Thanksgiving

My biggest food memory of Thanksgiving is waking up to the smell of onions and celery sautéing for cornbread dressing. My mom always made two pans of cornbread a couple of days before, usually while I was in school, but the dressing wasn’t made until Thanksgiving day. That’s what I’ll be doing tomorrow – and it will be awesome, at least in my mind. I made my cornbread tonight, pretty boring stuff that I wouldn’t eat on its own because I have the best cornbread recipe from one of my very good friends, Dawn. It is such a good recipe that I toast a piece with salted butter for breakfast. Yep, it stands on its own.*

Many years ago, I started making my own cranberry relish – that I also shared half of it with my friend Dawn, so now another Thanksgiving food memory is the smell of orange juice, cranberries, and then the addition of horseradish. I made my second batch tonight – gave away the first batch because so many people like it. It really hit me, making it tonight, how much that is part of my memory. I don’t think it would be Thanksgiving without it – no, I’m sure it would not be.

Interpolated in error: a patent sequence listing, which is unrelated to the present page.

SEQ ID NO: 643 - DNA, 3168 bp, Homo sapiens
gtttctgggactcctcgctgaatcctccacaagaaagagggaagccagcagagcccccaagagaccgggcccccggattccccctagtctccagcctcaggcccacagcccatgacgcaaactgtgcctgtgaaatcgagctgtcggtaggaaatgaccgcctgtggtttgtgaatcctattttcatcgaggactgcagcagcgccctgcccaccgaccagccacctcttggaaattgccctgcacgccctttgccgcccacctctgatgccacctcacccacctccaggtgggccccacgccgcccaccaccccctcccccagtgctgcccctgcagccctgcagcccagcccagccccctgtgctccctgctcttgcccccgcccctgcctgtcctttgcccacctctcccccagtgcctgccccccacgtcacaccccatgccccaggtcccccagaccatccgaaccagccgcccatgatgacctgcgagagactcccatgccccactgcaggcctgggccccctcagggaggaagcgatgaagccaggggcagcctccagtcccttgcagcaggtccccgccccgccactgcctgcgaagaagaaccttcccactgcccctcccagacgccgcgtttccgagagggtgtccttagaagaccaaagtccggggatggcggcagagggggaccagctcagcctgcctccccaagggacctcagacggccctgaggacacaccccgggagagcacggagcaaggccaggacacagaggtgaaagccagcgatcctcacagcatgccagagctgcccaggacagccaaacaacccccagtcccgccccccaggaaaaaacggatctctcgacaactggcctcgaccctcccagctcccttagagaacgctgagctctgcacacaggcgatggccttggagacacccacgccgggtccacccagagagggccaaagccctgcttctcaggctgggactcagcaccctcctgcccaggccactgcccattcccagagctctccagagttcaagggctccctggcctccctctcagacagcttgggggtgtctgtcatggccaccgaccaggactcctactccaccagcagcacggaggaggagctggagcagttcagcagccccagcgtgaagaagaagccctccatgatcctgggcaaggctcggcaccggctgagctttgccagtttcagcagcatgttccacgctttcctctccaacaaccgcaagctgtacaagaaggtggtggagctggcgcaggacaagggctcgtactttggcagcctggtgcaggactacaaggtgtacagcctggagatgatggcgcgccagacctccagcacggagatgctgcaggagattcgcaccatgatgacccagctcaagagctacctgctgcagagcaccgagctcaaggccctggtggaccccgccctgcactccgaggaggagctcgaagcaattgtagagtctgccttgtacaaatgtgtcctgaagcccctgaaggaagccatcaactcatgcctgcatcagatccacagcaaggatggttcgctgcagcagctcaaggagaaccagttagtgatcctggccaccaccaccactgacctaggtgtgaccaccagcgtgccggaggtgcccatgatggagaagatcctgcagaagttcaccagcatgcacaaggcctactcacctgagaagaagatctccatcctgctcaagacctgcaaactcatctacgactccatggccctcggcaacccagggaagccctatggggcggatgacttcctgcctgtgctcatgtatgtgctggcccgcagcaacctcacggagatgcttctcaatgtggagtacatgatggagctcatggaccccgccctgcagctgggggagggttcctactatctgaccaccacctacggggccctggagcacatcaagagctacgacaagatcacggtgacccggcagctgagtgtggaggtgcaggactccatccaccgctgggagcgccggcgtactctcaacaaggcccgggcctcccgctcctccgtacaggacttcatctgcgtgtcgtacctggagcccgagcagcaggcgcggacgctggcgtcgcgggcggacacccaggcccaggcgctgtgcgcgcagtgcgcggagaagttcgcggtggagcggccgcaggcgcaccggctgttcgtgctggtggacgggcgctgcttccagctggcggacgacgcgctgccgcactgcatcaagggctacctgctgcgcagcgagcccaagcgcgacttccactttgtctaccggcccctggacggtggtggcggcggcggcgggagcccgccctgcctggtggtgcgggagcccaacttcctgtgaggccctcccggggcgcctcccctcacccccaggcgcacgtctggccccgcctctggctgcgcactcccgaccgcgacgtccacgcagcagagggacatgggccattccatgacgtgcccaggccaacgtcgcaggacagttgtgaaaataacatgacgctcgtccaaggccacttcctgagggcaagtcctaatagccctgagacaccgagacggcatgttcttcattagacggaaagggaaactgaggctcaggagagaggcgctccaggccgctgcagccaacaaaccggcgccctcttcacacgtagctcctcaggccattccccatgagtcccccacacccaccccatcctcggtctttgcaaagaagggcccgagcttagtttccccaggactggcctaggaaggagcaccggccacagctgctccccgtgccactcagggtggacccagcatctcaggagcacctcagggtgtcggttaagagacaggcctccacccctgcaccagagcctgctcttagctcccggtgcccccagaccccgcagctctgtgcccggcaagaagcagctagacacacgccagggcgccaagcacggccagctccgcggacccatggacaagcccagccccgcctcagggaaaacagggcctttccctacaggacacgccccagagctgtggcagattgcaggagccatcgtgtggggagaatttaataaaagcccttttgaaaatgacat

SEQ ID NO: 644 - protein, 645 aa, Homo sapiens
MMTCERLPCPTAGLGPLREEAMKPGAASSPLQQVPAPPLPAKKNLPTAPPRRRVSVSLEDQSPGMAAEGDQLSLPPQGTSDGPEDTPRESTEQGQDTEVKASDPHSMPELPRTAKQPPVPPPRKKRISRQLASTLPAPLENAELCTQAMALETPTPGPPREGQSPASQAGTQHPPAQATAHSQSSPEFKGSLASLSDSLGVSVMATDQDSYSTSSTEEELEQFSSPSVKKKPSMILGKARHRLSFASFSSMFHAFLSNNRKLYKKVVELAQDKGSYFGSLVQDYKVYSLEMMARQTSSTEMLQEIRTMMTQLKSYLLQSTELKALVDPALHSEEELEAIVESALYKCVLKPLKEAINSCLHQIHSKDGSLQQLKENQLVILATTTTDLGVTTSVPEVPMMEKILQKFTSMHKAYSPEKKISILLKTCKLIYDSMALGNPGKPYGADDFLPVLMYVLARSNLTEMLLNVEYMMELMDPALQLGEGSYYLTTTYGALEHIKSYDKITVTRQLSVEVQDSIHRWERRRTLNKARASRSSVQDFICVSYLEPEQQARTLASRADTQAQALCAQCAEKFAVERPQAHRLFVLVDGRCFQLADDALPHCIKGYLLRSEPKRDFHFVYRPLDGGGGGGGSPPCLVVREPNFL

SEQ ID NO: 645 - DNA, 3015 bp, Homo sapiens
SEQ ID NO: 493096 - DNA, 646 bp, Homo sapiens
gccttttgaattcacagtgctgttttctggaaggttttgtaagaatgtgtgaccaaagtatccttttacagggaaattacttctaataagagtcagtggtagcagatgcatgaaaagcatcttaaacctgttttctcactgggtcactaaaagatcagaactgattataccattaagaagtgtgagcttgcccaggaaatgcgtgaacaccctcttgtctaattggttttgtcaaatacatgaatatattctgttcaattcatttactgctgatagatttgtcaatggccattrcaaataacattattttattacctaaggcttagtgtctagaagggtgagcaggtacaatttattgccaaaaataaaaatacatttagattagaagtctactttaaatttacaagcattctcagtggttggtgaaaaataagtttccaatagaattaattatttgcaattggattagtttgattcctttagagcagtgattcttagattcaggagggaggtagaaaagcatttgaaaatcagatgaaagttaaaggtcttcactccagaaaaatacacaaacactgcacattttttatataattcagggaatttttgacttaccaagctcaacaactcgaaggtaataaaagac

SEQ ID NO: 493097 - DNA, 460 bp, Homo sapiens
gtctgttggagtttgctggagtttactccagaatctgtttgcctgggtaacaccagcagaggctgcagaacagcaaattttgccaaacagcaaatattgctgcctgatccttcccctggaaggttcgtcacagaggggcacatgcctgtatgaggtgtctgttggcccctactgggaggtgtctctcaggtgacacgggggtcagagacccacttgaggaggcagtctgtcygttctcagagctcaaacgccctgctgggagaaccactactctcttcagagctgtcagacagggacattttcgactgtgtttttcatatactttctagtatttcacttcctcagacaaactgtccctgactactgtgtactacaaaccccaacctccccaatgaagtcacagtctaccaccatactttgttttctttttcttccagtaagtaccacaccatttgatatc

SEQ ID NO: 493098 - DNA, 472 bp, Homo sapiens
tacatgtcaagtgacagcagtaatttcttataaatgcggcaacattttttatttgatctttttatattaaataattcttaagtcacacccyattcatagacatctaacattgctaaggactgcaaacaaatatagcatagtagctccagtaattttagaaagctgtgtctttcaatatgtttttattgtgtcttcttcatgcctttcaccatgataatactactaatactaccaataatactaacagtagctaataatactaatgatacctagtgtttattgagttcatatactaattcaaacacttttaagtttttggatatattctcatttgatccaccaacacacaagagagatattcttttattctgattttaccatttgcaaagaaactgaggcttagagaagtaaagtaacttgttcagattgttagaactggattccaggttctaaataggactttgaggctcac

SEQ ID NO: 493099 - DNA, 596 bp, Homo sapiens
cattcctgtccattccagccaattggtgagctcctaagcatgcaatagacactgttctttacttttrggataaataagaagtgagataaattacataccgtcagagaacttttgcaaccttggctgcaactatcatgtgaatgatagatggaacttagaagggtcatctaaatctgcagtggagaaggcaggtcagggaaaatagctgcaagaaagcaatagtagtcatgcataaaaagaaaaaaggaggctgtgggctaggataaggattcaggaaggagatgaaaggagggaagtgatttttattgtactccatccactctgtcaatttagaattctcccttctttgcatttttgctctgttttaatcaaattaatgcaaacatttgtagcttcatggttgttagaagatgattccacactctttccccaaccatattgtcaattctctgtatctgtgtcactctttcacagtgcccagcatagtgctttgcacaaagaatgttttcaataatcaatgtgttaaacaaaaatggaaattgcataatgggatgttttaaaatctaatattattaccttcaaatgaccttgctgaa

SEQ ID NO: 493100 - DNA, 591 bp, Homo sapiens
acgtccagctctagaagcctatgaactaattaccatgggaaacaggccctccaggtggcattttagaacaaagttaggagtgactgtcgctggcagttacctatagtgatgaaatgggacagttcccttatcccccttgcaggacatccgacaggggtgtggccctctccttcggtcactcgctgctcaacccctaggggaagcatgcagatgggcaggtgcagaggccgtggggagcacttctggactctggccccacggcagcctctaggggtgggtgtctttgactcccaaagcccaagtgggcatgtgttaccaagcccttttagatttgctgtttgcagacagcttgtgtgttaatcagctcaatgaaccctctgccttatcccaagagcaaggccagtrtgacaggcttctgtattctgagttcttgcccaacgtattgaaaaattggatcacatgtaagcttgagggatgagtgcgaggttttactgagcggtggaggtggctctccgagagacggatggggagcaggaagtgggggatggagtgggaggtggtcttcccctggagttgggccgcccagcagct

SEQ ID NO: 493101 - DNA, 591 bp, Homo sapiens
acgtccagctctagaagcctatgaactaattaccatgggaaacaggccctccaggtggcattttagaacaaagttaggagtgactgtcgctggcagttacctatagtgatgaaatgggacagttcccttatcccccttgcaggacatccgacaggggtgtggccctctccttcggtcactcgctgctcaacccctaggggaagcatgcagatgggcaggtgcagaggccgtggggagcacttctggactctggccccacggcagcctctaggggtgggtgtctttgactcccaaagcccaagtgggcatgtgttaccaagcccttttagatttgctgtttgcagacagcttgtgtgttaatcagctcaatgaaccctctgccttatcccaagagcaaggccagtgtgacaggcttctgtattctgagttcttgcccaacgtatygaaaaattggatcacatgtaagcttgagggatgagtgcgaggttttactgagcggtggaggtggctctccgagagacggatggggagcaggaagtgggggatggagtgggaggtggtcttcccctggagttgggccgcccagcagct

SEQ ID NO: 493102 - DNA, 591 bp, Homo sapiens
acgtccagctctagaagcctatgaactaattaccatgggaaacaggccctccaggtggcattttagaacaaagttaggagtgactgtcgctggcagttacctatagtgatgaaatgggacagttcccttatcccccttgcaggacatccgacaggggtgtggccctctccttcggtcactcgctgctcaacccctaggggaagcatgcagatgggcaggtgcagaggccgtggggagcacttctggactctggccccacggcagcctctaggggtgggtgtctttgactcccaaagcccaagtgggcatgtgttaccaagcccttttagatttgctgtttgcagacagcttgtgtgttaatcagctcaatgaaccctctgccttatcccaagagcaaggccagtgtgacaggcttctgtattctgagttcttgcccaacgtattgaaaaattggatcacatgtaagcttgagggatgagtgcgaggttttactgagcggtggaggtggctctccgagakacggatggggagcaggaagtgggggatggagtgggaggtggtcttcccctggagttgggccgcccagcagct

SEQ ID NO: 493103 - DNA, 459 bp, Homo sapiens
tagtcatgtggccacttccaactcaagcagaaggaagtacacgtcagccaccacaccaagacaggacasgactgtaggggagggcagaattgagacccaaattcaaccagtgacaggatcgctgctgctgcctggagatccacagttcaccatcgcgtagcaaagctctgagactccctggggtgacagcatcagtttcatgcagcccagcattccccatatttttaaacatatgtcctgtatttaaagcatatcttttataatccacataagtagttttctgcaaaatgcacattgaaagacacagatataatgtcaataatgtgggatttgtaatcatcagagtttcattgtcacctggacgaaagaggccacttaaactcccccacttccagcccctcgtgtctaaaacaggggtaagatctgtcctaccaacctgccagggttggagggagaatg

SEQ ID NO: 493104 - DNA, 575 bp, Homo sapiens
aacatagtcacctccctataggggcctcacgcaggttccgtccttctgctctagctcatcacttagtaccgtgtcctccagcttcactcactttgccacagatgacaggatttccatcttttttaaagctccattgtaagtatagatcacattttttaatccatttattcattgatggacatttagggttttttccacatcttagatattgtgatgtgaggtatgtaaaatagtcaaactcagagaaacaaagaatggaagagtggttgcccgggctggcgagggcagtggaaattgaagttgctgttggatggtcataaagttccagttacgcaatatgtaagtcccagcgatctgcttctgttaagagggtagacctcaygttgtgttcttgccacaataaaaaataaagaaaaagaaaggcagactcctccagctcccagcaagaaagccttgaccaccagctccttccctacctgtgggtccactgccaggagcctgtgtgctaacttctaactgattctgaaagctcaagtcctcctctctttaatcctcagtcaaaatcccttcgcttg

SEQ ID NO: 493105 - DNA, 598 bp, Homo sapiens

I think I’ve read the memories of smells are most evocative and I really believe it. Celery and onions are my perfect example, but so is, totally unrelated, diesel fumes in cold weather – to me that will always be London. It happens every time, unbidden, but it always makes me smile. And miss England, again

plain cornbread drying for dressing

Drying Cornbread – for Cornbread Dressing

So here is the cornbread recipe for tonight – just for dressing. The one I plan to leave out overnight to get a bit stale – you need to do that to make the cornbread dressing work. It does make some degree of sense.